Amazed by Wonder
Aristotle, as many people know, believed that philosophical reflection begins in wonder (thaumazein). I think this is something I, at least, take for granted: I spend a great deal of time trying to work out complicated questions, making things clear for myself and others, that it's easy to neglect being in a state of wonder or astonishment. It's easy, that is, to try to make things reasonable, understandable, manageable.
On Sunday, while playing the accordion for an Irish dancing competition, my friend Theresa (piano) and I were seated behind the stages. Preparing to dance, the children would line up just in front of us before going on stage. After many years of playing, I'm the first to admit that I seldom watch the dancers any longer.
Yet as I watched the kids line up and prepared to play, one little girl caught my eye. She was possibly six years old and clearly very excited to get up on the stage. As the stage monitor lined her group up, she could barely contain herself: she kept bouncing up and down and her arms swung wildly back and forth. My mind immediately went to my own observations of my niece and nephew who can, at times, get so excited that words fail them and their whole body seems to shake and jiggle and cry out.
I was amazed, at that moment, by the way children show amazement. We adults like to put our feelings of wonder and awe into neat phrases or categories, cleaning them up and making them sound "reasonable" or "rational." So often we suppress, tamp down, hold back, or control our feelings of joy or excitement. We may slap a high-five, let out a little shout of joy, or offer a wry smile. Yet the over-abundance of astonishment that quakes the child's body, we translate into language.
In 2 Samuel 6 we read of a most astonishing event: King David dancing before the ark of God. I say astonishing because we can hardly imagine our leaders - politicians, CEO's, clergy - dancing. We expect them to be dignified, restrained, mature. Yet so great was his joy that David threw off others' expectations of what it means to be a leader and danced with joy before the Lord.
Very often, it seems as though we think we need to "get the ideas right" in order to behave correctly. Certainly the pundits interviewed about the pope have this notion: first the pope would need change Church teaching (which, they hasten to add, is unlikely) in order that Catholics then could live the lives of faith they desire. I wonder if we have it totally wrong. In fact, I'm pretty certain we have it totally backward.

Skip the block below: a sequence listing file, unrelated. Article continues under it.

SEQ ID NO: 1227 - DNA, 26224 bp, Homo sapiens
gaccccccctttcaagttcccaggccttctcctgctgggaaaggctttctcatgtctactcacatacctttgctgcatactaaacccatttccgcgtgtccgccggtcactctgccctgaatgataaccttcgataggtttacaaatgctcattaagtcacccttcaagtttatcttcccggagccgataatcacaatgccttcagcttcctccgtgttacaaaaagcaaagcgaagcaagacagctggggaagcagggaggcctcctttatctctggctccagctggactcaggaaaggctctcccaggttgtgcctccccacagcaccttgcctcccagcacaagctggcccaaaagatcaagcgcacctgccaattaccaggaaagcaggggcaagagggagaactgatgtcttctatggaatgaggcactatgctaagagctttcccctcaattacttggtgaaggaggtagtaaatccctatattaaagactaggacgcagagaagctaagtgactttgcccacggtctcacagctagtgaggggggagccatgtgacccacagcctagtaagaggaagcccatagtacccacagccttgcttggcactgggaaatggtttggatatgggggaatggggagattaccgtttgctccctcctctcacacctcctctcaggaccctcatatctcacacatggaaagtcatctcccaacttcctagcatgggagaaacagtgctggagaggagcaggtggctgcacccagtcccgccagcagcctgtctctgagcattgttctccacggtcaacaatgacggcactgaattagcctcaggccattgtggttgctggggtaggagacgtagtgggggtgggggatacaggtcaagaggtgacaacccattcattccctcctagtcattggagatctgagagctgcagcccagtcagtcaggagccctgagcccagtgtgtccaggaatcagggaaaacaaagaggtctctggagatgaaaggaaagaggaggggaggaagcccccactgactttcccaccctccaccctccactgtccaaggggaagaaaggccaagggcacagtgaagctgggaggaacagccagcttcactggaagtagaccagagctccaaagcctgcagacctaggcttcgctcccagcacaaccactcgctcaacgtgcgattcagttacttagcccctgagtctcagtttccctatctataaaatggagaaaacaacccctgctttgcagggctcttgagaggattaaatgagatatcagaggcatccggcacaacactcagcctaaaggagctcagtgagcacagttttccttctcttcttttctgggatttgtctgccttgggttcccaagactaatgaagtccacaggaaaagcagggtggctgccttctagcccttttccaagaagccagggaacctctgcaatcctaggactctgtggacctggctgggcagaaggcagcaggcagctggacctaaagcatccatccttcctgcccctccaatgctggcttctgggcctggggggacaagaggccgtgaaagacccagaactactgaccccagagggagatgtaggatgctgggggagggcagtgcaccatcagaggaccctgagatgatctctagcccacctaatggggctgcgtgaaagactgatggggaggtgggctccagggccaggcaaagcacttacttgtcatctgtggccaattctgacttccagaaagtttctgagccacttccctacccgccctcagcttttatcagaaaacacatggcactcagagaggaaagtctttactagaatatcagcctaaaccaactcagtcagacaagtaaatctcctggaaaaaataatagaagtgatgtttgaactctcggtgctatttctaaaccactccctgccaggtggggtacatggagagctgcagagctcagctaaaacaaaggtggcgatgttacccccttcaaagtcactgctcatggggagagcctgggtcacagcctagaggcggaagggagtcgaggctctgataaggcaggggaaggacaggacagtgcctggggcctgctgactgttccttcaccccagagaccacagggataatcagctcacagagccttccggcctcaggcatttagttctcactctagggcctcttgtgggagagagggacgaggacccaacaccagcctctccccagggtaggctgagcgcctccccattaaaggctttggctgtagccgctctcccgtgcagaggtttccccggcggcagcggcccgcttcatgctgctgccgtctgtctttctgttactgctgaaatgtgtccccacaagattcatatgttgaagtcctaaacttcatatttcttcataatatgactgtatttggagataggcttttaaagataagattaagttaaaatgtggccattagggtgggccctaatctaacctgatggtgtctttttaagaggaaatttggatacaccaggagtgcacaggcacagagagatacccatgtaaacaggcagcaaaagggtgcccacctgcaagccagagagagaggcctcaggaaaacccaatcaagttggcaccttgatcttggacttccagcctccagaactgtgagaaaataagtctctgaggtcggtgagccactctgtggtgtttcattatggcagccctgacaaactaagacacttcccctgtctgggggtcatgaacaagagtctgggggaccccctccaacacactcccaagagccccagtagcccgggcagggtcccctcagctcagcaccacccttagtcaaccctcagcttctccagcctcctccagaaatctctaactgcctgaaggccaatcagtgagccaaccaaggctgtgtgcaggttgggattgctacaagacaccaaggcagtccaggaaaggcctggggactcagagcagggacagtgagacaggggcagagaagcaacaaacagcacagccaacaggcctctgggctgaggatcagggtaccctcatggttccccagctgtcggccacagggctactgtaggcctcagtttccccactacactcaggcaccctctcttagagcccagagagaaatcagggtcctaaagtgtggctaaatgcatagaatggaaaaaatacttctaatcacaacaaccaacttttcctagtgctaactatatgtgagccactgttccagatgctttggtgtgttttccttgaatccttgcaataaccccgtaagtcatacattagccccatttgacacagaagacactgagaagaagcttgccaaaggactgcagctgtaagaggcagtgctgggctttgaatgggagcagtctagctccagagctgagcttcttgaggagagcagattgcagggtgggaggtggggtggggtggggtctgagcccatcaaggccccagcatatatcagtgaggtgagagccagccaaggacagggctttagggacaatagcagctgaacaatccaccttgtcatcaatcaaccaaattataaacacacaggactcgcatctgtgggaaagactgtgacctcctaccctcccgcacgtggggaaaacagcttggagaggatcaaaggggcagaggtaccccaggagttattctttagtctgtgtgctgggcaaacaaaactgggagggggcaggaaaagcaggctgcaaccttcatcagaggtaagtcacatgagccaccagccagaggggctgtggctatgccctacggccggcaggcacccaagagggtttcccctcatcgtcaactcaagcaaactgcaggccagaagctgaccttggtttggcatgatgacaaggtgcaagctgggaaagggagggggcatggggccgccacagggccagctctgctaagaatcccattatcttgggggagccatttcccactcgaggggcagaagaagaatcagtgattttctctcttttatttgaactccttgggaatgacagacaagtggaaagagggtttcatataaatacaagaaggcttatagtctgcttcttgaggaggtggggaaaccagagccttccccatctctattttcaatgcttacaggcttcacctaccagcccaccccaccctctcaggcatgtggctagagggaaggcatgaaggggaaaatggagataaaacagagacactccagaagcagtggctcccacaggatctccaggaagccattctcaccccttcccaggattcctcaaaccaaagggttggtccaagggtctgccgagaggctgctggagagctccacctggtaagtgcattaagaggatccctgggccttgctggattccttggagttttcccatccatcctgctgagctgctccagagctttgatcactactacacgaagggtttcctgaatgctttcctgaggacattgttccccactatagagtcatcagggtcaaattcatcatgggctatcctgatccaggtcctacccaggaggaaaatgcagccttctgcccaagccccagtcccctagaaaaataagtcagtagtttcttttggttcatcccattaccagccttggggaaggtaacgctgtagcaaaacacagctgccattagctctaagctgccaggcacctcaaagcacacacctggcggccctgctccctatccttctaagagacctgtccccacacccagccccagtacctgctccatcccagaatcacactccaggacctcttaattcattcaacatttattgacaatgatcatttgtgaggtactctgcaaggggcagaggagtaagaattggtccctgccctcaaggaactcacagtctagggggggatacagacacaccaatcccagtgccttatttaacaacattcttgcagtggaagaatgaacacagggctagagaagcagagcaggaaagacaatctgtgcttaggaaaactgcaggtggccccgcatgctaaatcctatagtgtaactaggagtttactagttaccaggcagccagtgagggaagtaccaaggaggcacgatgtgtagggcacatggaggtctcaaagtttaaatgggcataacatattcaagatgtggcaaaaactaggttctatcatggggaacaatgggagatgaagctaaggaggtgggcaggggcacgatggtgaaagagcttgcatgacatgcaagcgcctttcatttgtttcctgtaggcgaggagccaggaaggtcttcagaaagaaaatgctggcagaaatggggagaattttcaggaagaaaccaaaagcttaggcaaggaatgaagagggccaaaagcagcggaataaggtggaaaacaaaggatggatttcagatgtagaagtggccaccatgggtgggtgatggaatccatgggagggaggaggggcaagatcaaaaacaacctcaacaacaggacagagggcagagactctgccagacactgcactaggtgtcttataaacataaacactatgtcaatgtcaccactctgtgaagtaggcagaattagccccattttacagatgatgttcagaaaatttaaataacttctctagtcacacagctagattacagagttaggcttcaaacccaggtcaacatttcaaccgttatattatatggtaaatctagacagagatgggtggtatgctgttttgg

First we need to reconnect with our sense of childlike wonder, a surge of astonishment that shakes us in our shoes and overrides ours senses and makes our bodies cry out with joy. We need to learn to dance again, to dance freely with excitement, not because it's what is expected but because it's the only way we can celebrate: with our bodies. Then, after our dance, or even during it, we can reflect on it and see how our thoughts match our actions, rather than our actions having to match our thoughts.
My hope for this new pontificate is that Pope Francis remains true to the way he has danced before the Lord: as a man of deep humility, of great prayer, and a love of the poor. I pray that he calls Catholics past the stumbling block of teaching, moving us beyond our heads and into our hands and feet, inviting us to join in building up God's Kingdom. Let the teachings catch up with the practice: as each of us work, as sisters and brothers in the Body of Christ, the theology will emerge to describe who we are as a people.
For those who want Church teaching to change, it won't happen in papal apartments or seminar rooms. It will happen in the barrios and housing projects, soup kitchens and refugee camps, where the embodied witness to the Gospel forces us to think anew how to describe the dance of faith we have begun.